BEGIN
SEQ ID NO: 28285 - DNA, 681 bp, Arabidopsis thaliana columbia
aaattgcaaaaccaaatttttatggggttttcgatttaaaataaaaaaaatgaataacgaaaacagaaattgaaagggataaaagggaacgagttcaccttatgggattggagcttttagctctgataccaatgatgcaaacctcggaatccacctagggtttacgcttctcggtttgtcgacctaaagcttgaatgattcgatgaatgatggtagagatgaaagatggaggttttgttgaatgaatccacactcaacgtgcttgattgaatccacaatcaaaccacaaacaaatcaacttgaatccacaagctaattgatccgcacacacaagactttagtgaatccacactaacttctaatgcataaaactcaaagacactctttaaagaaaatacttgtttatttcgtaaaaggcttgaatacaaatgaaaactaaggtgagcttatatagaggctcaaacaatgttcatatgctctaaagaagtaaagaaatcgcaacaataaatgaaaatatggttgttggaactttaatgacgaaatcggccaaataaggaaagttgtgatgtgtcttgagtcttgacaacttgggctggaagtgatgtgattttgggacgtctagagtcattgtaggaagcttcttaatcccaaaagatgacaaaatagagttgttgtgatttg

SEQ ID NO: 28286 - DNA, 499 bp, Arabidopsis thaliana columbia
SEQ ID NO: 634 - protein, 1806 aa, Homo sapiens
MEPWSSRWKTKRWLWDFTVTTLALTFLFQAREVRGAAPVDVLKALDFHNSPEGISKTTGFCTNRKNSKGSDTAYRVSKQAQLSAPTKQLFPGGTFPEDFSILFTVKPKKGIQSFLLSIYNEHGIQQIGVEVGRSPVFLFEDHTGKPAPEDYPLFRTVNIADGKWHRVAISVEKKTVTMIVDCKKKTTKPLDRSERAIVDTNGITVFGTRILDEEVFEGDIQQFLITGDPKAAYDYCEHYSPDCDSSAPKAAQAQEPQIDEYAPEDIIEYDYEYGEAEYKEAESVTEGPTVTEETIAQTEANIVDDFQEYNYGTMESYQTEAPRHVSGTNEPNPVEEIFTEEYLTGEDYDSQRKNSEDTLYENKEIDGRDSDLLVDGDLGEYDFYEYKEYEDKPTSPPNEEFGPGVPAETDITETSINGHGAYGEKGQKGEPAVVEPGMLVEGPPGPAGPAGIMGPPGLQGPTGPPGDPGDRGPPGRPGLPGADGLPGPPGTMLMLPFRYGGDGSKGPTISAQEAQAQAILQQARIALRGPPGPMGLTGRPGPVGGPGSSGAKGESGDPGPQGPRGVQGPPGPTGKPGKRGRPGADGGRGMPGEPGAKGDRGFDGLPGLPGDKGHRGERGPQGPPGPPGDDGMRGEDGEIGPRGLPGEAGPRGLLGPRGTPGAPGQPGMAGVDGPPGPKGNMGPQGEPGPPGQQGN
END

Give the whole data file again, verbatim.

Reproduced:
SEQ ID NO: 28285 - DNA, 681 bp, Arabidopsis thaliana columbia
aaattgcaaaaccaaatttttatggggttttcgatttaaaataaaaaaaatgaataacgaaaacagaaattgaaagggataaaagggaacgagttcaccttatgggattggagcttttagctctgataccaatgatgcaaacctcggaatccacctagggtttacgcttctcggtttgtcgacctaaagcttgaatgattcgatgaatgatggtagagatgaaagatggaggttttgttgaatgaatccacactcaacgtgcttgattgaatccacaatcaaaccacaaacaaatcaacttgaatccacaagctaattgatccgcacacacaagactttagtgaatccacactaacttctaatgcataaaactcaaagacactctttaaagaaaatacttgtttatttcgtaaaaggcttgaatacaaatgaaaactaaggtgagcttatatagaggctcaaacaatgttcatatgctctaaagaagtaaagaaatcgcaacaataaatgaaaatatggttgttggaactttaatgacgaaatcggccaaataaggaaagttgtgatgtgtcttgagtcttgacaacttgggctggaagtgatgtgattttgggacgtctagagtcattgtaggaagcttcttaatcccaaaagatgacaaaatagagttgttgtgatttg

SEQ ID NO: 28286 - DNA, 499 bp, Arabidopsis thaliana columbia
SEQ ID NO: 634 - protein, 1806 aa, Homo sapiens
MEPWSSRWKTKRWLWDFTVTTLALTFLFQAREVRGAAPVDVLKALDFHNSPEGISKTTGFCTNRKNSKGSDTAYRVSKQAQLSAPTKQLFPGGTFPEDFSILFTVKPKKGIQSFLLSIYNEHGIQQIGVEVGRSPVFLFEDHTGKPAPEDYPLFRTVNIADGKWHRVAISVEKKTVTMIVDCKKKTTKPLDRSERAIVDTNGITVFGTRILDEEVFEGDIQQFLITGDPKAAYDYCEHYSPDCDSSAPKAAQAQEPQIDEYAPEDIIEYDYEYGEAEYKEAESVTEGPTVTEETIAQTEANIVDDFQEYNYGTMESYQTEAPRHVSGTNEPNPVEEIFTEEYLTGEDYDSQRKNSEDTLYENKEIDGRDSDLLVDGDLGEYDFYEYKEYEDKPTSPPNEEFGPGVPAETDITETSINGHGAYGEKGQKGEPAVVEPGMLVEGPPGPAGPAGIMGPPGLQGPTGPPGDPGDRGPPGRPGLPGADGLPGPPGTMLMLPFRYGGDGSKGPTISAQEAQAQAILQQARIALRGPPGPMGLTGRPGPVGGPGSSGAKGESGDPGPQGPRGVQGPPGPTGKPGKRGRPGADGGRGMPGEPGAKGDRGFDGLPGLPGDKGHRGERGPQGPPGPPGDDGMRGEDGEIGPRGLPGEAGPRGLLGPRGTPGAPGQPGMAGVDGPPGPKGNMGPQGEPGPPGQQGN